Friday, June 22, 2007
The vagaries of memory
I go about the regular business of the day, and occasionally I wonder how I will remember this day - or IF I will remember this day. Will it join in my memory the thousands of days that have made up my life, but have left no indelible impression apart from vague recollections that spring from the sea of memory like the flash of the sun on a wave. Something, - a scent, a spoken word, a phrase of music, - brings back momentarily a sense of presence, a moment in time, and then it is gone again.
I have heard in the past ten days two stories that I know have been dis-remembered - I have the facts to prove that so. And yet I know the narrators sincerely believe their memories of the events in question to be perfectly true. I listened, and wondered, and mentally shook my head, but said nothing. However, as I ponder the problem I have come to doubt my own memory, and I have been googling the science of memory, most especially as it relates to its vagaries and illusions.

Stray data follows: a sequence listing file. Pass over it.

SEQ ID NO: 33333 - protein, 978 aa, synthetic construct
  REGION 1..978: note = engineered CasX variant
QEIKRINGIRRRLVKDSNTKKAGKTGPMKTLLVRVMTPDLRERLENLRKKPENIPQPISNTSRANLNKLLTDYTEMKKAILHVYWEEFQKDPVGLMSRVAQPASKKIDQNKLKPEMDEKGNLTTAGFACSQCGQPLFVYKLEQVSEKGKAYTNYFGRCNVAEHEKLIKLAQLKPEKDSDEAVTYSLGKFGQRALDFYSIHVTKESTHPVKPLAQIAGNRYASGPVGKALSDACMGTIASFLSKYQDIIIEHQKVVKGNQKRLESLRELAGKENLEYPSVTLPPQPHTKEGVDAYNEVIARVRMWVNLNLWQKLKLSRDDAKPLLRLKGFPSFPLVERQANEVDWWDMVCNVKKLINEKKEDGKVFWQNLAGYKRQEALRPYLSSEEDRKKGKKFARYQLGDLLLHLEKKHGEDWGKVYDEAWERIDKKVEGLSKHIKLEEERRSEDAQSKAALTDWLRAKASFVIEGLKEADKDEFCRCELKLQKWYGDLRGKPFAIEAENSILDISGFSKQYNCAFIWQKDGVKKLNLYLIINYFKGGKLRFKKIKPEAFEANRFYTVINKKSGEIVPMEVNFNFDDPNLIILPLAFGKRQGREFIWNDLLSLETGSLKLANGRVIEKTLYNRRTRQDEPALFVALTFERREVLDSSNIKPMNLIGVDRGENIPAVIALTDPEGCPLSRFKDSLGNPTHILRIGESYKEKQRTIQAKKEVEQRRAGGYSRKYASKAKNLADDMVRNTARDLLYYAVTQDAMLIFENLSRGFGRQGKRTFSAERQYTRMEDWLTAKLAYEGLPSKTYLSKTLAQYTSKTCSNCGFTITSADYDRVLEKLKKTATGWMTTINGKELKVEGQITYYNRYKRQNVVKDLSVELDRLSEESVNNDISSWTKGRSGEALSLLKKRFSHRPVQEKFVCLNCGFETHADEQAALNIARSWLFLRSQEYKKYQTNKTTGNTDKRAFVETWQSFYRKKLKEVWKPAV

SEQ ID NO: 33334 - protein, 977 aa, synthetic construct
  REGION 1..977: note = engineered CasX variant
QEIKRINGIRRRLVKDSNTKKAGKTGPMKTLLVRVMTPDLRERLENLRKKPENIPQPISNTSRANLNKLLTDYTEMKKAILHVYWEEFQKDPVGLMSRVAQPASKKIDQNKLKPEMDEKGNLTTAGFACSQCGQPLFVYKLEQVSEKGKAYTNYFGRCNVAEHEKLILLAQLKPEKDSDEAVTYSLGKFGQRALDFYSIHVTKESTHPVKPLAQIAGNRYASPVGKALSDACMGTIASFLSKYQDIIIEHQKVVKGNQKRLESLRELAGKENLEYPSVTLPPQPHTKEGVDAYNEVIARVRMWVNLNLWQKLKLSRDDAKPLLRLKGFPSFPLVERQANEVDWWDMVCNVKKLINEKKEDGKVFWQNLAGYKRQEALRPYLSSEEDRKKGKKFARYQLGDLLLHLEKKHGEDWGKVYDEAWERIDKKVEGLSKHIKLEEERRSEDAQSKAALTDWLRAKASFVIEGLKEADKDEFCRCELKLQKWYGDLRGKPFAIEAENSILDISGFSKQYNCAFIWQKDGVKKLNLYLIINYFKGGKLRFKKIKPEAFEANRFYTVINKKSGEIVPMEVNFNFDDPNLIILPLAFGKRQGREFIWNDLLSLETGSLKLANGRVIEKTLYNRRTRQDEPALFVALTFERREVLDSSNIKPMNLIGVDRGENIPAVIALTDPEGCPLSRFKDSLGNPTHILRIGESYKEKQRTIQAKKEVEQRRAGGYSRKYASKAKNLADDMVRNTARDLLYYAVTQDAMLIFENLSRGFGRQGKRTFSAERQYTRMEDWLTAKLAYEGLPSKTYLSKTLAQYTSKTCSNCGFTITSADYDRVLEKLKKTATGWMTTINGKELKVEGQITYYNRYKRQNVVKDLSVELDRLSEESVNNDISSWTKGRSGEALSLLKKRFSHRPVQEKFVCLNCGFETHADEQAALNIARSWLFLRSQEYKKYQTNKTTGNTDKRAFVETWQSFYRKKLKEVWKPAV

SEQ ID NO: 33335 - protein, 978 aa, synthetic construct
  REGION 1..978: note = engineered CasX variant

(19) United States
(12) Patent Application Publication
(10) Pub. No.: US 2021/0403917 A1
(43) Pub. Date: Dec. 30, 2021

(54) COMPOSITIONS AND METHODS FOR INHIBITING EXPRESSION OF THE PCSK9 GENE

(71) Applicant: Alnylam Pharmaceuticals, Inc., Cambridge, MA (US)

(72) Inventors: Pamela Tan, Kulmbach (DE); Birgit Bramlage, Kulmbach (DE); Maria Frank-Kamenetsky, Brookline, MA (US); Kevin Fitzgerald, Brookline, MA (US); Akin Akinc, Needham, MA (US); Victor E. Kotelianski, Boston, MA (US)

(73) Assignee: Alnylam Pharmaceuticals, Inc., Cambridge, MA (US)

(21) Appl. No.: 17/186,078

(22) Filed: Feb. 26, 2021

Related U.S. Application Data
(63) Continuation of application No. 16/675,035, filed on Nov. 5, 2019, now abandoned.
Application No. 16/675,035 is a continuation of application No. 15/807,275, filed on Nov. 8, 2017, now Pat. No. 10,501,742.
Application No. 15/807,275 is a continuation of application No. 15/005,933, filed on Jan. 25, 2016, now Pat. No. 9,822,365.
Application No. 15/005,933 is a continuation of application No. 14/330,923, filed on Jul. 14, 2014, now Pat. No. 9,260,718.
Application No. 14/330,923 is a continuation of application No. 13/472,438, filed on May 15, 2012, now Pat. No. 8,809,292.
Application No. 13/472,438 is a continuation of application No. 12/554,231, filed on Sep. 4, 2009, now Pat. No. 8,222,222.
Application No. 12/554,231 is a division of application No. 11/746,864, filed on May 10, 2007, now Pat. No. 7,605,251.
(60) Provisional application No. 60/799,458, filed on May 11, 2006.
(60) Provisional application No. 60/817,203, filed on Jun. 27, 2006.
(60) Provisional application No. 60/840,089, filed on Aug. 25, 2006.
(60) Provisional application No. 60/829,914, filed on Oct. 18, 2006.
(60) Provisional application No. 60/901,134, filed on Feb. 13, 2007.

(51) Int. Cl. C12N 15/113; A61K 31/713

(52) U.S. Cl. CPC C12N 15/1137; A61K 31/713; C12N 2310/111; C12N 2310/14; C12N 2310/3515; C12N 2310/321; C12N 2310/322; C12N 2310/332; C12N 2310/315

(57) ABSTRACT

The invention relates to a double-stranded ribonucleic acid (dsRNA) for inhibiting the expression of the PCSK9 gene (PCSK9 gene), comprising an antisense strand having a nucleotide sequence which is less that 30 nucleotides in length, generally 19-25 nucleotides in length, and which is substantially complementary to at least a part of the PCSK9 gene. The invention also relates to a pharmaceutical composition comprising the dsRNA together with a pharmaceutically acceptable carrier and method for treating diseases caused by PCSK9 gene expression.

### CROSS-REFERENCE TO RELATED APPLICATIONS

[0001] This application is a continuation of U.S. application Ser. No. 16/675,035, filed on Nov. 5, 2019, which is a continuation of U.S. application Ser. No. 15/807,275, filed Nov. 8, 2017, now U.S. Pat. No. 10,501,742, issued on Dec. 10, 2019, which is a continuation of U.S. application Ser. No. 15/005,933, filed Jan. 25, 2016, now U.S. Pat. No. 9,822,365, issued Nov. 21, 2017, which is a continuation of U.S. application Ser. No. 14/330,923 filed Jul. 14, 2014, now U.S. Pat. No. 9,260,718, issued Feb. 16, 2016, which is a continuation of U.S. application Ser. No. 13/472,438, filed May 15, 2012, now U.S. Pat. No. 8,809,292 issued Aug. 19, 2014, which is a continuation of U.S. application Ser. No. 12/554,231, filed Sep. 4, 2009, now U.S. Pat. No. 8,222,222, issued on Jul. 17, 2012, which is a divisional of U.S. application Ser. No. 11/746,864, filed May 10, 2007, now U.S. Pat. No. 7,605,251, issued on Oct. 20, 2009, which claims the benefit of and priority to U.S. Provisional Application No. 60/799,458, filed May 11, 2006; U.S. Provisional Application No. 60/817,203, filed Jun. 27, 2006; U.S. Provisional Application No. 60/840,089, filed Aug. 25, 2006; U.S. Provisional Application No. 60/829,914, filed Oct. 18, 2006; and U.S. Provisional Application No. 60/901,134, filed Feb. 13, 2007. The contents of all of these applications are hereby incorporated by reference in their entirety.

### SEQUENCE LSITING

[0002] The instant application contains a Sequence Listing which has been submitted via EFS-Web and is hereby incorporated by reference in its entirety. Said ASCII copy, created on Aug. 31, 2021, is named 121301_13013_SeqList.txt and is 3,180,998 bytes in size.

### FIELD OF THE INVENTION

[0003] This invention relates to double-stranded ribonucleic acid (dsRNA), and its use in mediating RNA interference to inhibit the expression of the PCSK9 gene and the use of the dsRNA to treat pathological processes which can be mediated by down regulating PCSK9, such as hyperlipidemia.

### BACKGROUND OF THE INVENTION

I have long felt that there is something in the storage and retrieval system of the brain that causes some people to remember the positive things in their lives, and some to despair as they remember only the things that have made them unhappy.
This is only from personal observation, and I find nothing in my research to support this idea.
What science does say about retrieved memories is that they are reconstructions, rather than exact reproductions.
Science compares the fragments of memory that are retained and retrievable to a few threads on a loom, with the brain weaving in whatever recent stuff it can find. So the tapestry of memory is a random picture of the old and the new. Does the old thread stand out as a golden thread of memory, or is it beaten into the weft of modern times, lost amongst the threads of the ongoing adventure and coloured by recent experience.
Science also says we remember the unusual, and perhaps that is so, but many of the snatches that return to me are of humdrum times, - little vignettes that are really quite ordinary.
And some of the things you would expect to remember are buried deep - I have no recall of the bedroom my sister and I slept in, and yet I remember the rest of the house in vivid detail.
A mystery, and a puzzlement, but not one that I am going to fret about.
I cherish too much the comfort that my memories bring me, be they true or flawed. I am one of those who remember the happy times!